The werewolves are here.
Book One. STALK.
Every breath you take.
Nick was walking toward the elevator in the building where he had a meeting with the growers’ association representative when a woman breezed past. He had a vague impression of a symphony of silk moving in time with the undulations of her body, but it wasn’t her looks that captivated him. It was her scent.
He turned around and followed, meeting be damned, dragged by a scent that pulled him along like she was magnet and he was steel. Before he thought through what he was doing, he’d followed her home. She lived within walking distance of where she worked.
That was when the obsession began. He thought about stopping her on the street to ask if she’d like to get a coffee, but there were a hundred reasons why that sounded like a bad idea. There was no mutual friend to introduce them. No community or social network they shared. She didn’t go trolling bars for dates. So he watched and waited, thinking eventually an opportunity would present itself when he could talk to her without alarming her.
Reese was aware of the man who followed her. On any given morning walking to work, if she stopped and looked behind, she would spot him somewhere on the same block. Same thing at night. Even when he was hidden by a shadow or a sign or other people, she’d developed a sense that detected when he was nearby. The last thing she did before bed was to look down at the street from her window. He wasn’t always in the same spot. But he was always there.
She’d thought about going to the police, but the guy hadn’t really done anything except make her nervous. She imagined a possible conversation with the police.
“Has he done anything to indicate that he intends to harm you?”
“I see. But you’re afraid of this man, Ms.,” looks down at clipboard, “Braga?”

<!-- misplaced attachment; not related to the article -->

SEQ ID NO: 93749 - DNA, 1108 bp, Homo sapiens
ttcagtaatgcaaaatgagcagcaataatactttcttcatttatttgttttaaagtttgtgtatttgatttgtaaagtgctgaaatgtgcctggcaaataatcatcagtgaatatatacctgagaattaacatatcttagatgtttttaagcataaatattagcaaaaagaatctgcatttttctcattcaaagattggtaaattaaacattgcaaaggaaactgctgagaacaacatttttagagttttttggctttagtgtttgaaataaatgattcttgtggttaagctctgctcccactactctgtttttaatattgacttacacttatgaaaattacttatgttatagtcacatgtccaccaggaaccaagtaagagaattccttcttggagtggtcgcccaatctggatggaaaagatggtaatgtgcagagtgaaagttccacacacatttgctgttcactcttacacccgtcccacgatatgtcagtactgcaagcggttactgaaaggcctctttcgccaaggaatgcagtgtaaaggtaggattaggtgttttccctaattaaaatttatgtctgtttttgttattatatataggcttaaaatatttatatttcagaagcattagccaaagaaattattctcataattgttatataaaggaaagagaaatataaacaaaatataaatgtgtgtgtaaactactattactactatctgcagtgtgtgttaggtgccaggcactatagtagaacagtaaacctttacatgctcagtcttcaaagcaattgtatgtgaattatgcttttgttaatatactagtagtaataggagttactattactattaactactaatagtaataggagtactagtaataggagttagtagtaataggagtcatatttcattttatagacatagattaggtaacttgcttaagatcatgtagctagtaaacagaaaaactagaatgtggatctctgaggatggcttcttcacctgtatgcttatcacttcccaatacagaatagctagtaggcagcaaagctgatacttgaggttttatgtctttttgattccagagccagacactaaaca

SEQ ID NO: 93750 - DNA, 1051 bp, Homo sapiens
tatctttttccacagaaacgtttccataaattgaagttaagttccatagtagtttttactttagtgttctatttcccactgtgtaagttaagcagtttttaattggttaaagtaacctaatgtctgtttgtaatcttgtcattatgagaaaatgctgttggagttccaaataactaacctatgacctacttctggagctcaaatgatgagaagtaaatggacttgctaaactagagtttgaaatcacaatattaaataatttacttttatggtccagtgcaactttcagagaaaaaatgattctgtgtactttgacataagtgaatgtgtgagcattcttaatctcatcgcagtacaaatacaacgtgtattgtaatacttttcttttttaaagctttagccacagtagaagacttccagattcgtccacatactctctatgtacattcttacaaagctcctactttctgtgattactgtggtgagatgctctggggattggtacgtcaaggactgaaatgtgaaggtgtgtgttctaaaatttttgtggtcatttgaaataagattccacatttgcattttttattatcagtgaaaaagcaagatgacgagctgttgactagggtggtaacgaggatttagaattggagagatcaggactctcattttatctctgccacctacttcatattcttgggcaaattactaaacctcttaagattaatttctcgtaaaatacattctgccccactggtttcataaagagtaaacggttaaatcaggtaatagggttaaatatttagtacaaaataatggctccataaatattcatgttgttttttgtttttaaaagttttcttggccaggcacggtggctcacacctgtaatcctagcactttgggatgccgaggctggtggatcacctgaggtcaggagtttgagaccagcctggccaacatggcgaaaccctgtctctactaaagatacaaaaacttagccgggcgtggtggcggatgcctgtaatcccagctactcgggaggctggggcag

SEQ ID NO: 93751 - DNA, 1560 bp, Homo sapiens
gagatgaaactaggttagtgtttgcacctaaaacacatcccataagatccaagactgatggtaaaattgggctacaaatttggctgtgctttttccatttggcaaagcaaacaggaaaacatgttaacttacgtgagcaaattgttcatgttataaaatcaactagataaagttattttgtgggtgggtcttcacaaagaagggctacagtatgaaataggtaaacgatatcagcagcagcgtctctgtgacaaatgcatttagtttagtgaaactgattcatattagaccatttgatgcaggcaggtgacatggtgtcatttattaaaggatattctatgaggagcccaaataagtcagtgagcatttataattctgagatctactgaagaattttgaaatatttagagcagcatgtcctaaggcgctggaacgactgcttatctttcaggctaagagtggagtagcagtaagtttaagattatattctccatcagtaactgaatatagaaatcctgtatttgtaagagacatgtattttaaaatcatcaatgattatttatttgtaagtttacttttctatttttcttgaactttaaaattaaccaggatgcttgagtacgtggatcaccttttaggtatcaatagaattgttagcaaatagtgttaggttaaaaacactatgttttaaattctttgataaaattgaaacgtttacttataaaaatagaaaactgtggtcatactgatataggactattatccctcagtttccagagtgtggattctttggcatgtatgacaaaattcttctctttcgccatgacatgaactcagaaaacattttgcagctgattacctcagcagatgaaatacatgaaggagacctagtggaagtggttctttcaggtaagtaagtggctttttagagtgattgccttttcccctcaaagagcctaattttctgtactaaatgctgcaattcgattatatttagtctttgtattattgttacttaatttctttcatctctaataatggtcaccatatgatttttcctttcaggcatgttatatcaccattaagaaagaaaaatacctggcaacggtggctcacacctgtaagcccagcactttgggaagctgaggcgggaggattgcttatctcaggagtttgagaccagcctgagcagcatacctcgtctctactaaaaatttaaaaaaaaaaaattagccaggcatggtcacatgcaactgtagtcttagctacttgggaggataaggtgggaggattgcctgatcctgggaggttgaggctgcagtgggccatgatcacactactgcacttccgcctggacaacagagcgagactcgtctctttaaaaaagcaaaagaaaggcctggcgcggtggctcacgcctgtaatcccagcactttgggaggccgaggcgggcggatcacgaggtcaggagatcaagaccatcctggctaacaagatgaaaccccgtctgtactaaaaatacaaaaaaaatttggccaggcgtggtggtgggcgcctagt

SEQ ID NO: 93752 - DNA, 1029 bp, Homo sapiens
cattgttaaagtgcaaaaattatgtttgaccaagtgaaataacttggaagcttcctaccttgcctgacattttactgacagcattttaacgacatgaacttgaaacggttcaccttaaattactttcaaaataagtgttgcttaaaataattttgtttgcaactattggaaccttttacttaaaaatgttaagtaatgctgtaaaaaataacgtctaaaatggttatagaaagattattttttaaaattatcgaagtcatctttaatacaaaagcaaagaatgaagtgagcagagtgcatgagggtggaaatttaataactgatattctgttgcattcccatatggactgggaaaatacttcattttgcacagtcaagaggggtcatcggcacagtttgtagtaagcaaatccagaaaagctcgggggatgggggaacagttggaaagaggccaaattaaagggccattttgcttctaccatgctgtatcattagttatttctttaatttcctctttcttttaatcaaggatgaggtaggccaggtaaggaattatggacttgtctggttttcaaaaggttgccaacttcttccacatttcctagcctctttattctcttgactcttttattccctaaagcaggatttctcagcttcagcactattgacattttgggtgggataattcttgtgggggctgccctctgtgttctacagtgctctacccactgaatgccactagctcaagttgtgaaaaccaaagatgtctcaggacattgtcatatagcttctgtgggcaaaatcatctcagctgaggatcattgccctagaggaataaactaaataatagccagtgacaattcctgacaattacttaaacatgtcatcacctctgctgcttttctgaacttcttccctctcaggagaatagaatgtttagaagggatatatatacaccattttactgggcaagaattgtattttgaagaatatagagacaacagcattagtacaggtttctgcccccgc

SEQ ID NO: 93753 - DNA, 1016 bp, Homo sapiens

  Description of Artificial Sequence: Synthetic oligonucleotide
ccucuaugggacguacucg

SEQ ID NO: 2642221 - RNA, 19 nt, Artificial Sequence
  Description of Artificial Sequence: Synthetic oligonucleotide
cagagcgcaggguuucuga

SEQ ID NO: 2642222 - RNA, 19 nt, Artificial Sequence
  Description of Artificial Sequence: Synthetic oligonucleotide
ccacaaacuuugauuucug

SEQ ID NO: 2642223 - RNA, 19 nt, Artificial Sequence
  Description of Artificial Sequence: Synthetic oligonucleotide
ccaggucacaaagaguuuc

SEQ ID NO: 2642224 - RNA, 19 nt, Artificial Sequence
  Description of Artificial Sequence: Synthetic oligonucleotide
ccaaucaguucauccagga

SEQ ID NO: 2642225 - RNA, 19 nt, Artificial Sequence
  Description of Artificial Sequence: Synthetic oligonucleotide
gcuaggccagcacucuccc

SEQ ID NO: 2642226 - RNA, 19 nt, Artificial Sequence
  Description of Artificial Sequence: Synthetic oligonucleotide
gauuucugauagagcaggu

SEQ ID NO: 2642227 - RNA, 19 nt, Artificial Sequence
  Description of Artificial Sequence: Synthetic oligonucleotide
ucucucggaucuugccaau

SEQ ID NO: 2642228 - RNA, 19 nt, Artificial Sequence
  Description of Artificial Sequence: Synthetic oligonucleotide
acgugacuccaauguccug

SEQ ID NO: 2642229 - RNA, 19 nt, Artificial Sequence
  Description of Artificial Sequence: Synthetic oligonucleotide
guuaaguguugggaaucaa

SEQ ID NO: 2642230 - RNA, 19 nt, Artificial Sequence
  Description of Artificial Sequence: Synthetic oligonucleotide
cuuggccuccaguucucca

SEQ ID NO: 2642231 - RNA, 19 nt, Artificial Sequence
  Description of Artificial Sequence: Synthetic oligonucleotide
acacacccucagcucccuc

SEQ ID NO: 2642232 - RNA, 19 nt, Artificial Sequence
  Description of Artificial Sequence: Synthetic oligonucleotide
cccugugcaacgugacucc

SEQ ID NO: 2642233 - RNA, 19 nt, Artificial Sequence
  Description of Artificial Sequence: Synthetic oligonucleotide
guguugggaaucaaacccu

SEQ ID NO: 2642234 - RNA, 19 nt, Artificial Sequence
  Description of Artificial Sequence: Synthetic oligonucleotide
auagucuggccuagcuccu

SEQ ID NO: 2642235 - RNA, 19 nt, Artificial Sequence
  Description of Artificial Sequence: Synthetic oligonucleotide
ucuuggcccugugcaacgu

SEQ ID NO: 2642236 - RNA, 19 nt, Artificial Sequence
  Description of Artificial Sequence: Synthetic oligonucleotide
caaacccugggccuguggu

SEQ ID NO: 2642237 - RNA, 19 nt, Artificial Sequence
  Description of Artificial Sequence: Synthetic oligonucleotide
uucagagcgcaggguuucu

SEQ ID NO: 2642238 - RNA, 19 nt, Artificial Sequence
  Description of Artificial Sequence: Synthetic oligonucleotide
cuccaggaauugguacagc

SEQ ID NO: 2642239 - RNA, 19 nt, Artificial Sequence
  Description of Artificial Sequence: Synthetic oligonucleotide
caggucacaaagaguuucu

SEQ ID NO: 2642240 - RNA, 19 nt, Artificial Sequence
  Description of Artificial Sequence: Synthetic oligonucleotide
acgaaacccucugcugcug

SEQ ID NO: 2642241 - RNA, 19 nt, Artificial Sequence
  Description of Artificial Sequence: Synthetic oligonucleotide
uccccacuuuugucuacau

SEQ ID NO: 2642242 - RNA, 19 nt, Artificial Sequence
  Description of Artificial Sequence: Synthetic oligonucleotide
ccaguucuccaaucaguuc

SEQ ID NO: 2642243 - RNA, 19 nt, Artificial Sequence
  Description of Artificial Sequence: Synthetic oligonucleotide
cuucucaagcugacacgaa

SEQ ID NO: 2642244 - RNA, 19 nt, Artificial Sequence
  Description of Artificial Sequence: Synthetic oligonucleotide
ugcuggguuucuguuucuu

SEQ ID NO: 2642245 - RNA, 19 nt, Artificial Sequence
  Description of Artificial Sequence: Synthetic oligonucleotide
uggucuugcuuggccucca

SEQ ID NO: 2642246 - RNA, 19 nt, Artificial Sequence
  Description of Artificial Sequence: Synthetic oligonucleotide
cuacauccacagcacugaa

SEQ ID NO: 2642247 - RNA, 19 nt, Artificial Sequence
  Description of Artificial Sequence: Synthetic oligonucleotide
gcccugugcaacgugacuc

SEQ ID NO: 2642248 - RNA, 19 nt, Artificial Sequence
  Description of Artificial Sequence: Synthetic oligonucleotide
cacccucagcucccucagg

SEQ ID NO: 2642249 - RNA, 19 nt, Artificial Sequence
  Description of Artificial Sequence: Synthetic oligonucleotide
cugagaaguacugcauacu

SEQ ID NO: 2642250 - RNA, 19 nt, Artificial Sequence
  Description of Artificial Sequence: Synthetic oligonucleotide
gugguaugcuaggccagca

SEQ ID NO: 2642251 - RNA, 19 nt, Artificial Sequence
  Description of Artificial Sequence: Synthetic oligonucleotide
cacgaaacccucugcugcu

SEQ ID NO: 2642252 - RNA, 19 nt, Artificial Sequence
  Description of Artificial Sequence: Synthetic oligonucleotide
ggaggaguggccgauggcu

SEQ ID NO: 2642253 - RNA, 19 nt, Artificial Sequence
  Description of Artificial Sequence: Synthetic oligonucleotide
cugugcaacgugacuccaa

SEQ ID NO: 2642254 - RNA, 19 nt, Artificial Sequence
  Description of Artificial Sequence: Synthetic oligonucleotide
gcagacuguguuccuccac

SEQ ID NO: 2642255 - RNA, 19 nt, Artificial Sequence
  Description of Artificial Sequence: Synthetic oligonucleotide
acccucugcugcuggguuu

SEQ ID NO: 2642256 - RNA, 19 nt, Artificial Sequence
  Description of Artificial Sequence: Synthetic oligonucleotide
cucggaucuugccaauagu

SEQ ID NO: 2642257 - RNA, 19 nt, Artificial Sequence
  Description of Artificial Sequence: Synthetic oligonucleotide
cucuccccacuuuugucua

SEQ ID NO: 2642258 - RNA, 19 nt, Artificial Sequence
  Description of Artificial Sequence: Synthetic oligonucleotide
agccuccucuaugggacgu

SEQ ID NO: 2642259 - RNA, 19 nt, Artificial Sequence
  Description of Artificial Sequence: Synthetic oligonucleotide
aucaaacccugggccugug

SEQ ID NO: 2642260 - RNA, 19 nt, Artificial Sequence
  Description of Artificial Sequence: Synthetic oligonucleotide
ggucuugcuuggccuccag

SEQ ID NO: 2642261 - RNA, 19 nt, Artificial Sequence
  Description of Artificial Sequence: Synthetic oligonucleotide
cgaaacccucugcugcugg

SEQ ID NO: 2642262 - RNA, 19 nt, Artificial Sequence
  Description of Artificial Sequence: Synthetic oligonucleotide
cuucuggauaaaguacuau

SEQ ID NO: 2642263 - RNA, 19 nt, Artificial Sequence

“He’s done nothing to worry you and you’re not afraid. Why are you here again?”
“He’s following me.”
“And you don’t know who he is.”
“No. He’s a complete stranger.”
Taps pen on paper. “There’s not much we can do about that.”
“Isn’t there some kind of ordinance against stalking?”
“Ordinance. That’s a good word. And yes. Stalking is a crime, but stalking consists of two main components. Following is one. Harassing or threatening is the other and more important. Is the man threatening?”
“Then technically he’s not stalking. Just following. Unless he’s doing it for the purpose of intimidating, annoying, or alarming, then no. Following is not a crime. You let us know if it escalates.”
Reese sighed. But as the dialogue in her mental play began to drift away, a plan formed. She would wait until she and her ‘follower’ were in a populated place, then turn and confront him. He would either cease and desist or ‘escalate’, in which case she could tell the police that she had an actual crime to report.
If nothing else, it would be enlightening to get a good look at him. He’d never been close enough for her to really get a mental fix on his looks, other than the fact that he was tall and athletic, judging from the way he moved and carried himself. She knew he had dark hair, but beyond that, she wouldn’t be able to identify him with certainty if he was sitting at the booth next to her in the deli where she had lunch on Tuesdays.